Dr. Cameron Wolfe, infectious disease specialist, Duke Health 

“When we’ve looked on our college campus at the amount of virus that’s shed by different students, I am consistently shocked that some of the most prolific shedders of COVID are completely asymptomatic. If there’s a message there, it’s please don’t fool yourself into believing you’re safe just because your symptoms aren’t there. If you know you’ve had an exposure … please take that seriously even if you’re feeling well. There’s a reasonable chance you can be infected and just not know.”  



Dr. Cameron Wolfe  

“Travel is a congregant activity by its very nature.” 

“When it’s important to consider if I can travel by car … that would be a better choice from a safety point of view.” 

“If you have to travel and you have to travel in a way that involves public transport, be mindful of the groups around you. Wear your mask. Hand washing is still important. We’ve hammered the masking message … but we still need to be respectful that this virus survives on surfaces much longer than many typical viruses like flu. So hand-washing remains important.” 

“When you sit in the waiting wing of the airport, that is a busy place with lots of people around. People would do themselves well to be very sensitive to the groups of the people around them. Perhaps not stop for that extra meal.” 

“I encourage folks to take a second mask when they’re going. How often do we find that an ear loop snaps or something and you’ve got five hours sitting beside someone on a plane.” 



Dr. Viviana Martinez-Bianchi, associate professor, family medicine and community health 

“It is a different and difficult year. We have to plan properly. If you or anyone in your household has symptoms of COVID-19 or the flu …. do not host or participate in any in-person gatherings. If you are a person on quarantine or in isolation, you should celebrate only with those who you may quarantine with. Avoid larger gatherings.” 

“There are safe ways to gather for the holidays. A low-risk activity would be to have a small dinner with only the people who live in your household. Think about preparing traditional family recipes for family and neighbors.”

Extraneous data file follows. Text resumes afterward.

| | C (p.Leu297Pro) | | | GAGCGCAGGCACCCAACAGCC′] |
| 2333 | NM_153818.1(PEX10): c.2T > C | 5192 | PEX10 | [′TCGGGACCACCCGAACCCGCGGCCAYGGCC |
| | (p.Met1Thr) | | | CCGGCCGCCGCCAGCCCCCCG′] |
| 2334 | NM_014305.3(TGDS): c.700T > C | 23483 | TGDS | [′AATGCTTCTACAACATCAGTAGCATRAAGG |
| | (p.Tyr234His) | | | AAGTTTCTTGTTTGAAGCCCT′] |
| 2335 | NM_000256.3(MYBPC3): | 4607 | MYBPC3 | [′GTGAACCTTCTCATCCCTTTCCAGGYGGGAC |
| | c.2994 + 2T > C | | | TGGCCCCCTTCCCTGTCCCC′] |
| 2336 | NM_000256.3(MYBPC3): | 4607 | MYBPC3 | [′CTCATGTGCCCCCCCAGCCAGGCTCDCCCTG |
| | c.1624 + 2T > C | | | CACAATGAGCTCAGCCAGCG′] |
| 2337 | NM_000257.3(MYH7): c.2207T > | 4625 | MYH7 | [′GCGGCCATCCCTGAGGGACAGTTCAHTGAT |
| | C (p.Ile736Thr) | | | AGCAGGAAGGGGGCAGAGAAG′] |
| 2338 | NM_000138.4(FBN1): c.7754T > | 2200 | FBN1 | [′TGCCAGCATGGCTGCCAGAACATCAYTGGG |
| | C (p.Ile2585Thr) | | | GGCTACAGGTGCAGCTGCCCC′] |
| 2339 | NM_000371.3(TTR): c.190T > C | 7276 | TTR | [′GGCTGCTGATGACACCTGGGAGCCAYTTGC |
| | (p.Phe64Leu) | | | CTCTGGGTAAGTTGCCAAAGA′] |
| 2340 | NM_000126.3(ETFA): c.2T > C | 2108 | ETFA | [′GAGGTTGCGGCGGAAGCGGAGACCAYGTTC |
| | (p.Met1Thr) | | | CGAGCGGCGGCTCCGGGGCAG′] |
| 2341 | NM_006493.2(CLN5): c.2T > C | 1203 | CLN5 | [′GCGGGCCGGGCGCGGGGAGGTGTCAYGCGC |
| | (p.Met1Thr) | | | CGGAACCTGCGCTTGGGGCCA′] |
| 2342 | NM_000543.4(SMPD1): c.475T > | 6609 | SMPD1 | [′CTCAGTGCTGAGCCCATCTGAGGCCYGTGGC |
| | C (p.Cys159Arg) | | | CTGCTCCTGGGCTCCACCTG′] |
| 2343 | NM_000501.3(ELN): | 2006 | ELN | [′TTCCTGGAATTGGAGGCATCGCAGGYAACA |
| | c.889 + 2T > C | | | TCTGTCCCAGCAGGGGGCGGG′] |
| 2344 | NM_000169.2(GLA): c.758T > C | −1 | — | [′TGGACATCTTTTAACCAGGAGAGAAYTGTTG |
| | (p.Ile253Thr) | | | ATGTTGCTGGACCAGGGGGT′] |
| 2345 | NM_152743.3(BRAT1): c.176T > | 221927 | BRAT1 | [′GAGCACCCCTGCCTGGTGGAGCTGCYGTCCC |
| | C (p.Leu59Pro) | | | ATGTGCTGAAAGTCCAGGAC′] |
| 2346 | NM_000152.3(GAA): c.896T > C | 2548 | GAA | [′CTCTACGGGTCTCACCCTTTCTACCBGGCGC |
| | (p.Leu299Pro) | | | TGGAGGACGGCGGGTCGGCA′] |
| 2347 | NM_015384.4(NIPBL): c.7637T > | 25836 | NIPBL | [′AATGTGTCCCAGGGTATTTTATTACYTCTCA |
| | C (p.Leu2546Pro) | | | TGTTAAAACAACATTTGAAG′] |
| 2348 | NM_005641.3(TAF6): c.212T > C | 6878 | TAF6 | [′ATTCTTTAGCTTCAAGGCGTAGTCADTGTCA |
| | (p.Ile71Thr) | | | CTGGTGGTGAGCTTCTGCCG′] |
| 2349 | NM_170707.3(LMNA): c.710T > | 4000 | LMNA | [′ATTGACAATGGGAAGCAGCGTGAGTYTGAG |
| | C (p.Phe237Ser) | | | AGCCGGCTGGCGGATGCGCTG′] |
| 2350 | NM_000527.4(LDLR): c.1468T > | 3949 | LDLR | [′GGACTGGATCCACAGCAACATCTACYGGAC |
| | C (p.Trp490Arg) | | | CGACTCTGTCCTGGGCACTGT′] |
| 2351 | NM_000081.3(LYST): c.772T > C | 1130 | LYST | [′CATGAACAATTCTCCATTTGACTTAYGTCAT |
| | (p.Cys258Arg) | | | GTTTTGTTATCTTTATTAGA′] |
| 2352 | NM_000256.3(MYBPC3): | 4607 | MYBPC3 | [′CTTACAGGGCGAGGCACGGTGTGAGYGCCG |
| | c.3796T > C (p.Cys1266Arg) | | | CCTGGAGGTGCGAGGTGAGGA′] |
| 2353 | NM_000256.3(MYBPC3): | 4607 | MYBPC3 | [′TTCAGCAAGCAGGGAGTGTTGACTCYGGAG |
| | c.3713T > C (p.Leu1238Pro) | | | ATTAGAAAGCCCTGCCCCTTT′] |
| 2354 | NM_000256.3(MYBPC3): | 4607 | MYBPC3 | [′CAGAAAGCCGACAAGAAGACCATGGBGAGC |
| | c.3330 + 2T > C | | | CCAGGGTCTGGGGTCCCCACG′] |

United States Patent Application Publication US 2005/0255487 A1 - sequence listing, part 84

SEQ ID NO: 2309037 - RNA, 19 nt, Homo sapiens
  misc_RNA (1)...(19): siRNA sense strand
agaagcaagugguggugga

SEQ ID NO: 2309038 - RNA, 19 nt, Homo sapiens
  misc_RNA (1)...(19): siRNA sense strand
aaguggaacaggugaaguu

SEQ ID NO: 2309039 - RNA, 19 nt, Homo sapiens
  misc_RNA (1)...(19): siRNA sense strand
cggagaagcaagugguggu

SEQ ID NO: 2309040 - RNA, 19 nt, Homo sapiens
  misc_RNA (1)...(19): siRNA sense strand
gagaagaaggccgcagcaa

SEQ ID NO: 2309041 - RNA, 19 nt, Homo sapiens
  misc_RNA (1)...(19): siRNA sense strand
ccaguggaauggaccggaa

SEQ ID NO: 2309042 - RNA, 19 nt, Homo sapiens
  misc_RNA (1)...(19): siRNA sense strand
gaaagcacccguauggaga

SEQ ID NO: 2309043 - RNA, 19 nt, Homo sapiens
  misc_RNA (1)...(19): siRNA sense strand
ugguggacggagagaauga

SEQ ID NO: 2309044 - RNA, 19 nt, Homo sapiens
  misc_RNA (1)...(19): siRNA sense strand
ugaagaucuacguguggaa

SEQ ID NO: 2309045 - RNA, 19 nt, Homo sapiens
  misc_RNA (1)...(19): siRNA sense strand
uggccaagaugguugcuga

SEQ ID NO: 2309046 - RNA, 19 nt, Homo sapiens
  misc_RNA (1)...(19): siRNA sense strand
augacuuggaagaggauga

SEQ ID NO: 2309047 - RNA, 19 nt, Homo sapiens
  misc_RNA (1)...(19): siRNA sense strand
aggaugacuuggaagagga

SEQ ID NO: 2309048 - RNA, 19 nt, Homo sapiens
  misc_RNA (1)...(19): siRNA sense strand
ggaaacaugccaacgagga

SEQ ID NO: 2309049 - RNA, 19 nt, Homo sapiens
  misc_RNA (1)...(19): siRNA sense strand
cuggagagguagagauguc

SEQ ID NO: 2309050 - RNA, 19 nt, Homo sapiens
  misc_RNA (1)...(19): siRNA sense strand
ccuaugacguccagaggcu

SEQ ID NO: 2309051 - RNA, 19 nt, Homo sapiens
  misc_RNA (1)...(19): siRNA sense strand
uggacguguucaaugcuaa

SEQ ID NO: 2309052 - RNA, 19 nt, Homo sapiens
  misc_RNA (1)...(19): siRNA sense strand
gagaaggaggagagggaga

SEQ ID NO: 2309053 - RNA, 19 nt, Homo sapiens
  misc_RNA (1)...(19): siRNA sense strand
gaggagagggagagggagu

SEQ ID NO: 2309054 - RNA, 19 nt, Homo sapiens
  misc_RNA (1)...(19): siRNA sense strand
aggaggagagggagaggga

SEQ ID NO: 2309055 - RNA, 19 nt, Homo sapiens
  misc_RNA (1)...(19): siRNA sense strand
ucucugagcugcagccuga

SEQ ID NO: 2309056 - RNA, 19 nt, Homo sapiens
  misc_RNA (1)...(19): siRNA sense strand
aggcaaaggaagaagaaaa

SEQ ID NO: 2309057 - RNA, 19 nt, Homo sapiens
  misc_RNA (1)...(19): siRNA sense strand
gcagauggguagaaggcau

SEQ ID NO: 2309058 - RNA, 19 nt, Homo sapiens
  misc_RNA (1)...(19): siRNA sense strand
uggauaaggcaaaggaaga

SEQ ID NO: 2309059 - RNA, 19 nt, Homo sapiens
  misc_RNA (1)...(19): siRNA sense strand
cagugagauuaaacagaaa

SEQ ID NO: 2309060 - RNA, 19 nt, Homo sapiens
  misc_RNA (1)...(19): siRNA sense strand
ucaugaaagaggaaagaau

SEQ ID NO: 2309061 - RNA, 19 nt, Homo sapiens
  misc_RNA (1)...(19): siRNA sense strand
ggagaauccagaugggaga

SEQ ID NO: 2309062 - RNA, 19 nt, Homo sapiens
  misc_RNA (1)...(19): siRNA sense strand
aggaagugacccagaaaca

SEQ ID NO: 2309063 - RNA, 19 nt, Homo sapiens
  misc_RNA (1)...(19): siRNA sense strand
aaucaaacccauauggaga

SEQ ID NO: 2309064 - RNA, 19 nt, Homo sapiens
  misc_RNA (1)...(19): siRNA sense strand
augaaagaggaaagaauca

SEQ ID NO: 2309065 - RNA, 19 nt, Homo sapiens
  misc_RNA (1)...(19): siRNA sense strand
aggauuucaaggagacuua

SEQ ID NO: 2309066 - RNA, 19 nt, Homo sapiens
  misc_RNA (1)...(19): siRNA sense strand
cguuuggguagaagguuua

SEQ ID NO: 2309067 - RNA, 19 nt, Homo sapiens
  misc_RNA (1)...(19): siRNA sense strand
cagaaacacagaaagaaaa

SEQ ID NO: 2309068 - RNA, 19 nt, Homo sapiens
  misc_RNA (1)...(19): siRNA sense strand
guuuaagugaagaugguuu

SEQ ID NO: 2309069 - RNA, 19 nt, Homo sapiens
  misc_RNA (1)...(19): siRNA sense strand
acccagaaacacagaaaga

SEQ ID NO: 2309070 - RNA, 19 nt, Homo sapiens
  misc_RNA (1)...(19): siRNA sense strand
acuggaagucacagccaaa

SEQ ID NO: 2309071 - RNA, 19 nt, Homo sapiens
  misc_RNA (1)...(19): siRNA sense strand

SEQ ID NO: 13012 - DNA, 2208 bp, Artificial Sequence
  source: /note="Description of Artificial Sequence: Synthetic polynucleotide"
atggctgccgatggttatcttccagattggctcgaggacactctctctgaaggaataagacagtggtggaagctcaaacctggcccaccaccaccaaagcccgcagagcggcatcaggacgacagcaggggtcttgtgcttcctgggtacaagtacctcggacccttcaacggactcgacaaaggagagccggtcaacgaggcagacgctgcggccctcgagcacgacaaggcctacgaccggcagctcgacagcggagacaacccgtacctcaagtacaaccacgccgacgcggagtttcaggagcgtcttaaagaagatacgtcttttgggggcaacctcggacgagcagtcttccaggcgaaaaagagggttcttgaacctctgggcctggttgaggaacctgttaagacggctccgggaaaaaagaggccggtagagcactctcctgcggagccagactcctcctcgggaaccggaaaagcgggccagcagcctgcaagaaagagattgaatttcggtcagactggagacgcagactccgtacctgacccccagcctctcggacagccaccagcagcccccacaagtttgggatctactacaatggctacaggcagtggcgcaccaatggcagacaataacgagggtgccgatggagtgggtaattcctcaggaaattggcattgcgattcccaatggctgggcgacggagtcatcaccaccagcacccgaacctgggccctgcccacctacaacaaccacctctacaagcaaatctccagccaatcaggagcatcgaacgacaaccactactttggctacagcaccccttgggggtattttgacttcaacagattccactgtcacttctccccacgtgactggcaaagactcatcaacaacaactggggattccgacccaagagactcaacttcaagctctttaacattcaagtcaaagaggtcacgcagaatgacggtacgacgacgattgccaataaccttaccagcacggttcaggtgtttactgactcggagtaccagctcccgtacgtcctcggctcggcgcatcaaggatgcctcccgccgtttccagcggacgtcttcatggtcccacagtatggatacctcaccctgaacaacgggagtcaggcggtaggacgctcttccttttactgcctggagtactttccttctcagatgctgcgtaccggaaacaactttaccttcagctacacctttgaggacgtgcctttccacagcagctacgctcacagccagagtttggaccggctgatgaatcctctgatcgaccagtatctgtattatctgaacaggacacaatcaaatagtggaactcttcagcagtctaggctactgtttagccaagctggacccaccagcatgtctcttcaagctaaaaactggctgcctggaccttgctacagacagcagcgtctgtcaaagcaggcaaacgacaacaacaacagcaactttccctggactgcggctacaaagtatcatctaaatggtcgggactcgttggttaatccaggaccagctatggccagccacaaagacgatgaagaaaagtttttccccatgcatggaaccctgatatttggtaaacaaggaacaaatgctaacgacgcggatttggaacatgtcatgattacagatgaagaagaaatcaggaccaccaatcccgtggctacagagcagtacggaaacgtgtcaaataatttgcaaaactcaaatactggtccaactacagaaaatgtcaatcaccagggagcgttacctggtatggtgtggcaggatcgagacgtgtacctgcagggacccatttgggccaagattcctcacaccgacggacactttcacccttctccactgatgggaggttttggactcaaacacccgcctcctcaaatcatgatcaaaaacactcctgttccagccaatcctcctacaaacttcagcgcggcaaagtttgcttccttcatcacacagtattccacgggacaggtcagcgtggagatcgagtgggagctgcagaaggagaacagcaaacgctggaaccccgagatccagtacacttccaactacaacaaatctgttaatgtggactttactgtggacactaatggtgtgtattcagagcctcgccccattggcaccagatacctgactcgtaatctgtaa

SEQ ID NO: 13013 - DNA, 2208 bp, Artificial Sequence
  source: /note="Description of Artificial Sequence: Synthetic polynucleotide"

“You could have a virtual dinner and share recipes with friends and family.” 

“On shopping day, shop online rather than in person so you aren’t exposing yourself to crowds.”  



Dr. Emmanuel Walter Jr. 

“If you have an infected parent and you have a fairly dense living situation with a lot of people in one house, the attack rate is much higher. If you have three or four children coming in from that house, often if it’s four, three will test positive.” 

Dr. Viviana Martinez-Bianchi 

“In primary care, we often are seeing … that whole family units are sick. If it’s someone who is coughing a lot … it is more likely that family members are also going to be infected as well.”  

Dr. Cameron Wolfe 

“One of the things we’re also trying to figure out is to better understand household and close-contact transmissions.” 

“It’s not just the household. It’s the household plus who travels with you to work. What’s the work transport like? What comes back into the house?” 



Dr. Viviana Martinez-Bianchi 

“Getting a flu shot right now is extremely important. We don’t want to end up crowding hospitals with people with influenza. Go and get your vaccine for the flu. If you have chronic medical conditions you want to keep them in check. You want to treat your hypertension. You want to treat your diabetes. Check with your primary care doctor.” 

“We’re already going through a pandemic. We don’t want a second pandemic of the problems that went untreated or unchecked.” 



Dr. Cameron Wolfe 

“We recognize travel is an added risk. It moves your little bubble. It blends risk and potentially you bring it back to your college campus.”